Tuesday, June 30, 2009

Lou Hammann's remarks at Thursday's single payer rally

AfD co-chair Lou Hammann was one of the campaign-finance activists arrested in the Capitol Rotunda Democracy Brigades actions, and in his talk at Thursday's rally in Washington, he reminds us of the corrupting power of money in politics--a problem that's only gotten worse since.

I don’t want to blur the focus of this rally, but indulge me for a moment or two.

Back in 2000 the Alliance for Democracy organized a series of demonstrations in the Rotunda of the Capitol to call attention to the need for campaign finance reform. Over a period of ten or eleven months, I would estimate that close to 100 people were arrested for exercising their rights of free speech. Our method involved civil disobedience. That meant simply that we did not behave in the public arena in a way consistent with some ill-defined “tourist standard.” We should note, however, that in the halls of that Capitol, lobbyists were free to move without any constraints. Why? Because they were engaged in “business as usual.” In practical terms that meant persuading the people who should represent us that the business of corporations has priority over the hopes, needs and judgments of ordinary citizens. Surely, such an army of professional lobbyists was not behaving like any group of “standard tourists.”

One of those demonstrations was meant to expose the virtual bribery of legislators by “healthcare industries” and their lobbyists. In a fact sheet that we had put together, we asked the question, “Can we possibly have Universal Health Care?” Our answer was, “Not when members of Congress and their parties have taken (in’99 – ’00 alone) $66,000,000 in political contributions from insurance and pharmaceutical corporations.” That was nearly a decade ago! There is no need to repeat what many here know about the quantity and distribution of money, privilege and opportunity that tempts (should we say, seduces?) people now in positions of power and authority. It is not the shadow of money that falls over the current effort at healthcare reform. It is real money—and everyone here knows how to track it through the legislative labyrinth.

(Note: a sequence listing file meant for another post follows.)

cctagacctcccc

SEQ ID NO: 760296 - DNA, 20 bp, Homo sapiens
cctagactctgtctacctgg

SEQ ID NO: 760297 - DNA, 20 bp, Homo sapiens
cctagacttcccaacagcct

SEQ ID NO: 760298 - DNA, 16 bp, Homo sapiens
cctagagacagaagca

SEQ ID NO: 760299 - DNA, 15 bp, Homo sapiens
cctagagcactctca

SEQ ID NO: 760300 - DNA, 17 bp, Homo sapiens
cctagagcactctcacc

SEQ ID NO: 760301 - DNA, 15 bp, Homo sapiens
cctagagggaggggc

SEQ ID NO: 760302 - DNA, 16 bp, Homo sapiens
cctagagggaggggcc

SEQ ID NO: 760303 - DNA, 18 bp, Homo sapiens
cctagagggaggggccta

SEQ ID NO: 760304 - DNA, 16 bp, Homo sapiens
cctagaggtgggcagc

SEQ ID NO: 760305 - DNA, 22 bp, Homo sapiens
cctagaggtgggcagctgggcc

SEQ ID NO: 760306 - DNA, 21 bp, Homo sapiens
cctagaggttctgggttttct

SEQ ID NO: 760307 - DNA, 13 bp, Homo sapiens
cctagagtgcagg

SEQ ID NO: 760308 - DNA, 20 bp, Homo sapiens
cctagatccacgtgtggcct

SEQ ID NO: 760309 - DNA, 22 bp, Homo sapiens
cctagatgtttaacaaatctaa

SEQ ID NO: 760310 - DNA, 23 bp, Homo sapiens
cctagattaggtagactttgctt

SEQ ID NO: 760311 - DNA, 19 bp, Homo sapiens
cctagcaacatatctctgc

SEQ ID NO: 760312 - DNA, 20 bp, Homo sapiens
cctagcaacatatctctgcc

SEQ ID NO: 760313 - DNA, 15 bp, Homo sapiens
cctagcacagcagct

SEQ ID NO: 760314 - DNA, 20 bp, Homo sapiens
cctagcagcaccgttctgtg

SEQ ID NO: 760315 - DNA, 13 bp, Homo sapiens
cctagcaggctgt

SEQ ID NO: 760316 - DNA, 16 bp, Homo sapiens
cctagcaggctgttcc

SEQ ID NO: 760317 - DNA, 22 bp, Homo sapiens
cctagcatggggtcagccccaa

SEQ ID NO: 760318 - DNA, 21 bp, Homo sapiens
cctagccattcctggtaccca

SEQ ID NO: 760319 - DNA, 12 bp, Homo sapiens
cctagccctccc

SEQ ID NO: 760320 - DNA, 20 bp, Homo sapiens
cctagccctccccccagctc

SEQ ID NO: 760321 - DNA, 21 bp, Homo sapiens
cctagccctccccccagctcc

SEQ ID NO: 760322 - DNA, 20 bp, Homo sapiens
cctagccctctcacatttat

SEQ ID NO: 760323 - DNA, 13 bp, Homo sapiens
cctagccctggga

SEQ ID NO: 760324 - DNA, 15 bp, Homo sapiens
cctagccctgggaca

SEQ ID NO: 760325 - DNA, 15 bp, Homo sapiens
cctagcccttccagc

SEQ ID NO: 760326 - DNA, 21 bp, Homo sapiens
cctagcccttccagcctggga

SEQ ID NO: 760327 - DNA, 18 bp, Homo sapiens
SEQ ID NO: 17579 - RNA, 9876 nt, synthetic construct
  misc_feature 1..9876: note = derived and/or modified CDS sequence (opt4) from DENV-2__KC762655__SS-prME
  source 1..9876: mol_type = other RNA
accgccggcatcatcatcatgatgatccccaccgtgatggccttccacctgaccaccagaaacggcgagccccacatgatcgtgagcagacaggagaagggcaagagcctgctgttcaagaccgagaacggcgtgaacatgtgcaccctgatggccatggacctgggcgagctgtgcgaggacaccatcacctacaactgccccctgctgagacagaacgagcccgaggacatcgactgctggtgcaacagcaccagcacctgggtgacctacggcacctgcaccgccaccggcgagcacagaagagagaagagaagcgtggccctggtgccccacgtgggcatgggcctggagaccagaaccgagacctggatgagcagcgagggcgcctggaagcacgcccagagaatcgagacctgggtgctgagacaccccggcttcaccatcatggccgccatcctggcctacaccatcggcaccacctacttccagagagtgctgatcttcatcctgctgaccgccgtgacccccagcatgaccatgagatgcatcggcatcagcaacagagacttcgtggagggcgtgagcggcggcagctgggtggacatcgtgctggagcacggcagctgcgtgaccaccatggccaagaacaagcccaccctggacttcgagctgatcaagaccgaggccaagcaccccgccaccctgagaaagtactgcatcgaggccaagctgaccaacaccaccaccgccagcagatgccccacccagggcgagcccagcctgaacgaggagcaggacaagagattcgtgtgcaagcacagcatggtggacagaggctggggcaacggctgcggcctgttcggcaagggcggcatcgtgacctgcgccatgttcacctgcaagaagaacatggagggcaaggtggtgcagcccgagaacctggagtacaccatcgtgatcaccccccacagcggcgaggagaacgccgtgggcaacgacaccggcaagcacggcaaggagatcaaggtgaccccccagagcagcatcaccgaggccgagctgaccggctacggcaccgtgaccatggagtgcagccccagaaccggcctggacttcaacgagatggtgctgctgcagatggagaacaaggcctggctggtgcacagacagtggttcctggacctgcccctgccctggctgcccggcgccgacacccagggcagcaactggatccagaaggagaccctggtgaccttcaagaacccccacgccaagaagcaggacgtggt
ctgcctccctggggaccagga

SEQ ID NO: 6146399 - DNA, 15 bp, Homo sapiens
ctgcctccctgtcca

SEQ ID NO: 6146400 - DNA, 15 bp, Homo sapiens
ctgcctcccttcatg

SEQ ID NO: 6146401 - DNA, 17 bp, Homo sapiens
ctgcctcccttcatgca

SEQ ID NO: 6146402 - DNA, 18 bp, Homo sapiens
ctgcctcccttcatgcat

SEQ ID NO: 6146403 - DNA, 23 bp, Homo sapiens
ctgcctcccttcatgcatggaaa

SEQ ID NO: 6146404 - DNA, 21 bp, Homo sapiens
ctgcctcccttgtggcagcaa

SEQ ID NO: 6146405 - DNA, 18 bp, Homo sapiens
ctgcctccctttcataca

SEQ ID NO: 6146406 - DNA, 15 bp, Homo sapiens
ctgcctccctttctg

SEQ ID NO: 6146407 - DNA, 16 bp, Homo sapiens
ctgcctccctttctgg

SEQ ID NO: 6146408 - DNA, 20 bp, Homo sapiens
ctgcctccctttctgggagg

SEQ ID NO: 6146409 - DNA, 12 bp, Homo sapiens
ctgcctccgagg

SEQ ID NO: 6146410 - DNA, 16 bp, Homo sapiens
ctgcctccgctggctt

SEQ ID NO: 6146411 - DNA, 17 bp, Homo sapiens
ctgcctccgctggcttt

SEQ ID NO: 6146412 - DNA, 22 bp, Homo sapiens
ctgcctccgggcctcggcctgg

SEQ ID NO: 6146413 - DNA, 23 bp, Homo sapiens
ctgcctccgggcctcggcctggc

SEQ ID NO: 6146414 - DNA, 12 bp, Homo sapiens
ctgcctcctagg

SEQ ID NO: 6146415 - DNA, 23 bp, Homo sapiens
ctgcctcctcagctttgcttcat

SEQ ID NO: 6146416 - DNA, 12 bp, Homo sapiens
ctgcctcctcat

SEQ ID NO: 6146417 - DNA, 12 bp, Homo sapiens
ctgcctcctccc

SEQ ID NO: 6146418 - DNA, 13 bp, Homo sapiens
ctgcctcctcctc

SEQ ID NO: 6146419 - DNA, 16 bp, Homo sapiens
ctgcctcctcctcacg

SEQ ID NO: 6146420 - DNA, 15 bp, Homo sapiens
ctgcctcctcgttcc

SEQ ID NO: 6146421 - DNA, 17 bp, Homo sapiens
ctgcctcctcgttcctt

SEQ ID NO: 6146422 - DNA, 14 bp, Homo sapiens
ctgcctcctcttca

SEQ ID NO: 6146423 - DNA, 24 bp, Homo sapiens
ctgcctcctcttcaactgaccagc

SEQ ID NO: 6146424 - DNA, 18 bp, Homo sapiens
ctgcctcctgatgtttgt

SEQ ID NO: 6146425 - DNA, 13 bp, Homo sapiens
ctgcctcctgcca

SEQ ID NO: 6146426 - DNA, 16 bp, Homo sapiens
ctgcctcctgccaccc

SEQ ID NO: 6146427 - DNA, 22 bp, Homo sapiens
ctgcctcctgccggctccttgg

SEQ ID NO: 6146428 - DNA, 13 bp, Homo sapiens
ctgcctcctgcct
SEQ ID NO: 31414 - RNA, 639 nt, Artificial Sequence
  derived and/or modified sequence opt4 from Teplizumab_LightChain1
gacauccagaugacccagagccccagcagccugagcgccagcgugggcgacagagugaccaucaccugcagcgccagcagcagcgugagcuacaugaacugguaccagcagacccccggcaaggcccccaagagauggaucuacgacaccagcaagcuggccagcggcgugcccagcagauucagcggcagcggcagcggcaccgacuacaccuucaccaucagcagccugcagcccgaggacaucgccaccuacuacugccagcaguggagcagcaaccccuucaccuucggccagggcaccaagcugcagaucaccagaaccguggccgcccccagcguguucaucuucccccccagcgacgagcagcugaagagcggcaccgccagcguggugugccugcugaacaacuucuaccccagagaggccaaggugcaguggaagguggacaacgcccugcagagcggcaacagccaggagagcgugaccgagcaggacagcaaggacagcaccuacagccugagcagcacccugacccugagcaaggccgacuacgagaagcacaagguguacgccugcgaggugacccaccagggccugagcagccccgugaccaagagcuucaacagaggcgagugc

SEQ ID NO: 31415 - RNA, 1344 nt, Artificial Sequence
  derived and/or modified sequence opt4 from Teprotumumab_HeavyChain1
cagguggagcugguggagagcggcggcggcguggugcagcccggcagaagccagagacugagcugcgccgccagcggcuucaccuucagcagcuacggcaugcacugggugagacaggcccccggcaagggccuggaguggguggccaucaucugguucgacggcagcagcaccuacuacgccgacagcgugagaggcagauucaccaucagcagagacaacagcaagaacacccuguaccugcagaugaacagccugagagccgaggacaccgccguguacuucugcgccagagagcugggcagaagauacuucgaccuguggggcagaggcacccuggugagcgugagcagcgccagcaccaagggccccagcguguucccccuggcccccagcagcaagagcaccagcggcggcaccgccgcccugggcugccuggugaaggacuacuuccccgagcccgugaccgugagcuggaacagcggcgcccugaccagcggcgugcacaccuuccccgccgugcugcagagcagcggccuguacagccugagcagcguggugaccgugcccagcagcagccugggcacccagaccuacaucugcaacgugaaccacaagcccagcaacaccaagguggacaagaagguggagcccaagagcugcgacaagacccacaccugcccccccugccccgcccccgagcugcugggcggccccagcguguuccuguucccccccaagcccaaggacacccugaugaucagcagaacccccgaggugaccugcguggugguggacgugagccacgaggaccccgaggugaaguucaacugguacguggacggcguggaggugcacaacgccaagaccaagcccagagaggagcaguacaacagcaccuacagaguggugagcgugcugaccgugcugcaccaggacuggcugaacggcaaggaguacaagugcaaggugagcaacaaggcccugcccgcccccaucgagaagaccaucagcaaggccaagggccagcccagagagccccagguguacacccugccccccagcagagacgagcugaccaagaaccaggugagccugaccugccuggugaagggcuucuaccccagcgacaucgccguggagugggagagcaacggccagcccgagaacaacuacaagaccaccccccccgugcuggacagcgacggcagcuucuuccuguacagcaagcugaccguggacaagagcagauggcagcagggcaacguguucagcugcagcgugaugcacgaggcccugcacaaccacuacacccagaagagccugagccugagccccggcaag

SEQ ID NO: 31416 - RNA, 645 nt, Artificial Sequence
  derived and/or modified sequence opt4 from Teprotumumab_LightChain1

It is just a fact, a decade later, that corporate money and privilege still flow through the halls and offices of those who govern our country. It would be naïve to suppose that prospective healthcare legislation is an exception to the rule of influence.

The excuse that many who resist a move to universal healthcare invoke is embarrassingly consistent. They tell us that it is simply impossible to create a system that shares risk and cost equitably and distributes services efficiently. But that is not a bona fide reason. “Impossible,” why? Check the money and corporate power that now flows through the halls and offices of government. If you ask for the judgment of many healthcare professionals who live with the inequities of the current healthcare system, they will tell you that it is impossible to endure any longer the unhealthy system of healthcare delivery that now holds us all captive.

And then there are the confusion and anxiety of ordinary citizens who can’t safely maneuver through the system of private healthcare: Surely they deserve a system that is not defined as an “industry” that puts corporate profits above their human needs—and human rights. In the current climate, being “patient” is hardly a virtue. The stories of how so many patients are abused by the strategies of insurance corporations are multiplying dangerously—“dangerously” both for the economy and for the real people whom we here represent. No need to invoke the millions of stories “out there” in the real world where people live with their bodies and minds and resources at constant risk. You can hear those stories in kitchens, living rooms and offices—stories of pain, sadness and disability, exacerbated by the cruelties of profit-driven healthcare.

The Alliance for Democracy has held from its beginning that corporate power has usurped the rights of citizens, the environment and government. Such power too often overrides the legitimate needs and human rights of those of us who live our lives in the real world, where exorbitant money and privileges are not the only things that give life meaning.

I am from Pennsylvania, where bills in both our house and senate are beginning to move the state toward a Single Payer system of Healthcare. The American democracy was born in our state. Surely universal healthcare is a real extension of this democratic polity.

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